Marcene CI FeatureMarcene Gandolfo’s debut book, Angles of Departure (Cherry Grove Collections, February 2014), is a collection of poems that explore motherhood, grief, compassion and healing. Last year, the book was a finalist for the Melissa Lanitis Gregory Poetry Prize and the Patricia Bibby First Book Award and a semi-finalist for the Washington Prize. Her poems have been published widely in literary journals including Poet Lore, Bayou, DMQ Review, The Café Review and Paterson Literary Review. She has taught writing and literature at several northern California colleges and lives in Elk Grove, CA.

Delphi offers links at the end of each interview to the profiled book/s online, as well as to other author pages.

 JOIN US!

As Delphi closes out 2015 with this late Fall issue–we invite writers, poets, memoirists, essayists, playwrights, and filmmakers everywhere to join us–interview a fellow/sister writer or filmmaker, write an op-ed on a current issue of your choice, offer us insights into your writing residencies, centers, and workshops! If you have been interviewed in these pages, we invite you to join the Interview Connector, to follow up with an interview of your own, to introduce a wonderful and deserving writer you know to a larger audience. Or, if you run a small press, consider setting up Round-Robin interviews with your best writers, where writers interview each other. We are also keen to have regular interviewers on board.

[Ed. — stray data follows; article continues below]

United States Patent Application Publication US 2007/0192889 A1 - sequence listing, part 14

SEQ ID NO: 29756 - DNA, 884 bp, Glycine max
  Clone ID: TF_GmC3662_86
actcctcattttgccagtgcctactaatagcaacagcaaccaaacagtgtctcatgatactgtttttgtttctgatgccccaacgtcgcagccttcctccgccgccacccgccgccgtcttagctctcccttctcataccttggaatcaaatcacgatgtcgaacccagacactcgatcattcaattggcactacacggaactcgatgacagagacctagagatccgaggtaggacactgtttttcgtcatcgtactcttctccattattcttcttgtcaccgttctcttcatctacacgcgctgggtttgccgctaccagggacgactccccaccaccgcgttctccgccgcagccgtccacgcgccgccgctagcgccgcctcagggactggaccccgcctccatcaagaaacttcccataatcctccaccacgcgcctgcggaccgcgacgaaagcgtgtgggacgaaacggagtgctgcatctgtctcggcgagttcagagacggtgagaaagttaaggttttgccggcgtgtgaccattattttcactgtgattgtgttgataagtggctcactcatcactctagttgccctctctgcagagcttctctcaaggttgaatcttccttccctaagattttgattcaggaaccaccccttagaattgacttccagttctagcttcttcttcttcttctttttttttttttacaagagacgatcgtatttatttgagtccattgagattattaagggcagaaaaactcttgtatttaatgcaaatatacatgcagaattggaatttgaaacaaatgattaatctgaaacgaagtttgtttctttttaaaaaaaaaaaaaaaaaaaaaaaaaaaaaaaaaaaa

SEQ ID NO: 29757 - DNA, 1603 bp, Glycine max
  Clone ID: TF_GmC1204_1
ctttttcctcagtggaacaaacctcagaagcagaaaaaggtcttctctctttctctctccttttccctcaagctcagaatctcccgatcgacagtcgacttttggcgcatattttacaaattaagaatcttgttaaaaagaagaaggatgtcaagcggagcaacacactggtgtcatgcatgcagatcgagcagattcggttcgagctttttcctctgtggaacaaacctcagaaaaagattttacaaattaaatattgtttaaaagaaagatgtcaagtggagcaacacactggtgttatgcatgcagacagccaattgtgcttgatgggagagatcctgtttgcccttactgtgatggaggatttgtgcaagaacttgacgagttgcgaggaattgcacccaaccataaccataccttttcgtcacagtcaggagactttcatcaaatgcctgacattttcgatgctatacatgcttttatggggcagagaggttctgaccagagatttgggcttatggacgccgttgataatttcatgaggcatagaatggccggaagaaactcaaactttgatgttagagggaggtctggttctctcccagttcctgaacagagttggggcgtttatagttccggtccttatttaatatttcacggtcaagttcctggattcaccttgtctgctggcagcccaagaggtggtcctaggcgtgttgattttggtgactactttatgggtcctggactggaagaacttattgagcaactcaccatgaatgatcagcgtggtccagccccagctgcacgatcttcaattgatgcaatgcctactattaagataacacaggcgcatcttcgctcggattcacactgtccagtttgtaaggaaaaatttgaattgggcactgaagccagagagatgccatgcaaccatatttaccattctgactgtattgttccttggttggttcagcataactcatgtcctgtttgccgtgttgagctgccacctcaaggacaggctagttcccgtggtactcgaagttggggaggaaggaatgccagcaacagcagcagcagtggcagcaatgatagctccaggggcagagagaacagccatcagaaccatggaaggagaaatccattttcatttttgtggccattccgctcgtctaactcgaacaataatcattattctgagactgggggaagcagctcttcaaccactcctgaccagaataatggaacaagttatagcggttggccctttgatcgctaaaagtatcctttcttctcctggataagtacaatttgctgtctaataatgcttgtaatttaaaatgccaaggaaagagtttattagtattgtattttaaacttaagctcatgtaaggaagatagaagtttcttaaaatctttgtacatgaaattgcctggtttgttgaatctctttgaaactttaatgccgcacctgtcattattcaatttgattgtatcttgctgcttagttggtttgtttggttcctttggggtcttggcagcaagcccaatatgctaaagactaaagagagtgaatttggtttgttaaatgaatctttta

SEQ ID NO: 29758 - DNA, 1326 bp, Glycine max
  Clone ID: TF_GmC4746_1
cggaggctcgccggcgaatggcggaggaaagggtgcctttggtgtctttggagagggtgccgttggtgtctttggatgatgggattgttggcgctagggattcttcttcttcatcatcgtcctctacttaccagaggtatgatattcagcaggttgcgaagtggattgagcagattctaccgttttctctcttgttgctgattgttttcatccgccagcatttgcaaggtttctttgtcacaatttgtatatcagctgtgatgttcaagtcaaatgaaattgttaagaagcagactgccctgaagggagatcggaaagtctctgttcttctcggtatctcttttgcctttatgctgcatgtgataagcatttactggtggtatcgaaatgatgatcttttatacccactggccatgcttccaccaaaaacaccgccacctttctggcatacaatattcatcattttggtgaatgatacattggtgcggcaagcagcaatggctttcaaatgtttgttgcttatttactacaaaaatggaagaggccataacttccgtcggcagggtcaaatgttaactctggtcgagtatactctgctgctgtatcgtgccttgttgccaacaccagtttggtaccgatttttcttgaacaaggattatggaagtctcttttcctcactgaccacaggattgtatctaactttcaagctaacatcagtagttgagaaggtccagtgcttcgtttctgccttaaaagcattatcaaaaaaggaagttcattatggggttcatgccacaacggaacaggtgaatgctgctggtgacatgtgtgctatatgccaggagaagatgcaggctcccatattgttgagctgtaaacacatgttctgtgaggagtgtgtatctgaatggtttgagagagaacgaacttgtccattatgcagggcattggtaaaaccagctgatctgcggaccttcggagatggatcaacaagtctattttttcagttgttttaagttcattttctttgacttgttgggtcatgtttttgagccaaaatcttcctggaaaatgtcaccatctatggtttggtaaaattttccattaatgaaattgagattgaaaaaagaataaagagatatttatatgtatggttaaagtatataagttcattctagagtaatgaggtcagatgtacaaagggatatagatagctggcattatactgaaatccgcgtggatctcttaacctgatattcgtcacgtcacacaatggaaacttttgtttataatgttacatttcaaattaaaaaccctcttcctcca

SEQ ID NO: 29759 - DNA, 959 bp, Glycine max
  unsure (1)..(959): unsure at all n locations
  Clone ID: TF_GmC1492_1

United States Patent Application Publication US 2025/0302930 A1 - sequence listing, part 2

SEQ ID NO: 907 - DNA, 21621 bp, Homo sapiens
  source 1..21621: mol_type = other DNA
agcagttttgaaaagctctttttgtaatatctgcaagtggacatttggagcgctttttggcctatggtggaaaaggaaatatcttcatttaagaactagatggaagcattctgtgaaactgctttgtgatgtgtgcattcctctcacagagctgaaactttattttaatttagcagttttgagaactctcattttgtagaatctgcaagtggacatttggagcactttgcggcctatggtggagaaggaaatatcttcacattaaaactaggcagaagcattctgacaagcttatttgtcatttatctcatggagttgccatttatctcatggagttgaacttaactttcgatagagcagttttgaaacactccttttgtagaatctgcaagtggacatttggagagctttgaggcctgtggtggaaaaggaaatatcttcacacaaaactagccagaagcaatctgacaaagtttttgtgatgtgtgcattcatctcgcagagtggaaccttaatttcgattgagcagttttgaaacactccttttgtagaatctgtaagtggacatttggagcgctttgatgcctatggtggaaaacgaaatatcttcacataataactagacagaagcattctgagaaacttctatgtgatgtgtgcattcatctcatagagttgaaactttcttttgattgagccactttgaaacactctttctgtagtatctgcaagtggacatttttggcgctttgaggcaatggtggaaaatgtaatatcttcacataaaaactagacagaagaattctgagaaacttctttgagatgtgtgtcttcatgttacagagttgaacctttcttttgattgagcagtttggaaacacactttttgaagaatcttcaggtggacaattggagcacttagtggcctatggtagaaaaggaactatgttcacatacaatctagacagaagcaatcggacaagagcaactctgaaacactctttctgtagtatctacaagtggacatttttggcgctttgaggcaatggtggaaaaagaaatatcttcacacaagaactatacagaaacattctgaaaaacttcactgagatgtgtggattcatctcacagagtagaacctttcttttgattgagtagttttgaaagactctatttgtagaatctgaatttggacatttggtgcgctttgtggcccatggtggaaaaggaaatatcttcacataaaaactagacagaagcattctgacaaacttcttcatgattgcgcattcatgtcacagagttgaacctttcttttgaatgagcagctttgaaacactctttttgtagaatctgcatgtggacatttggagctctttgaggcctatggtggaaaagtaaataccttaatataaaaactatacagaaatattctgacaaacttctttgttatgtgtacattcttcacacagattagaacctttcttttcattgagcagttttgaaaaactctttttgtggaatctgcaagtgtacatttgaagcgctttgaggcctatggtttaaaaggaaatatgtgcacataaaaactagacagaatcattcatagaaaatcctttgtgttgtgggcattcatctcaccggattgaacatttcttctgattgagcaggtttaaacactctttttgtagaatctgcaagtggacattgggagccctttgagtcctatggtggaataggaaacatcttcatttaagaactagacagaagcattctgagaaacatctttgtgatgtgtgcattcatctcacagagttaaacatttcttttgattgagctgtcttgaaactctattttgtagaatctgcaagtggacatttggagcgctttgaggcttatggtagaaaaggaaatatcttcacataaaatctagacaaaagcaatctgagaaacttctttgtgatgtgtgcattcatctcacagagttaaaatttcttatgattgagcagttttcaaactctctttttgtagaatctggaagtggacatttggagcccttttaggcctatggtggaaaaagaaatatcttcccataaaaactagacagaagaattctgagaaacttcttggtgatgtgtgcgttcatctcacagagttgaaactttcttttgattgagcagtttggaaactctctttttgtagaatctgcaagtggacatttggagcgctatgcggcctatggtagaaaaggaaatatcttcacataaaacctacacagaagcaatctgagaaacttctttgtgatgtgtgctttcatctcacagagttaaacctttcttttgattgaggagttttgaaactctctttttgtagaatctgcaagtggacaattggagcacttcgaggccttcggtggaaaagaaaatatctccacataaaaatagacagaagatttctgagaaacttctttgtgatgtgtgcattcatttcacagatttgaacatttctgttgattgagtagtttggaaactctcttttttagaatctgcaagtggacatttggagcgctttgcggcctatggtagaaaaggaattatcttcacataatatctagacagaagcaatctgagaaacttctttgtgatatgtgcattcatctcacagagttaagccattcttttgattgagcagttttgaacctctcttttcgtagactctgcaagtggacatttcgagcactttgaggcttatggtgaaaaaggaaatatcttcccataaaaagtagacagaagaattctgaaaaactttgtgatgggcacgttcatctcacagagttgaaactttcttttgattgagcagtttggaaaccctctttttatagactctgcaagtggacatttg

Please drop in at our Guidelines page, send us your thoughts. We want to hear from you!

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About Ramola D

Ramola D is the author of Invisible Season (WWPH, 1998), which co-won the Washington Writers’ Publishing House Poetry award in 1998, and Temporary Lives, awarded the 2008 AWP Grace Paley Prize in Short Fiction and finalist in the 2010 Library of Virginia Fiction awards. A Discovery/The Nation finalist and five-time Pushcart Prize nominee, she is the recipient of a 2005 National Endowment for the Arts fellowship in poetry. Her fiction, poetry, essays, and writer-interviews have appeared in various journals and anthologies including previously in Blackbird, Prairie Schooner, Agni, Northwest Review, Green Mountains Review, Writer’s Chronicle, Indiana Review, recently in Extraordinary Rendition: (American) Writers on Palestine (OR Books, 2015), All About Skin: Short Fiction by Women of Color (University of Wisconsin Press, 2014), and also in Best American Poetry 1994, Full Moon on K Street: Poems by Washington, DC Poets (Plan B Press, 2009), and Best American Fantasy 2007. Her fiction was shortlisted in Best American Stories 2007, and included in Enhanced Gravity: More Fiction by Washington DC Women Writers (Paycock Press, 2006). She holds an MFA in Poetry from George Mason University and a BS in Physics and an MBA from the University of Madras. She has most recently taught creative writing at The George Washington University and The Writer’s Center, Bethesda. She lives currently in the Boston area where she edits the online literary review Delphi Quarterly, runs the citizen-journalism site The Everyday Concerned Citizen while also building the new Human Rights documentation site, Covert Assaults Satyagraha, and teaches children's art and creative writing workshops at her home studio, The Wishing Well.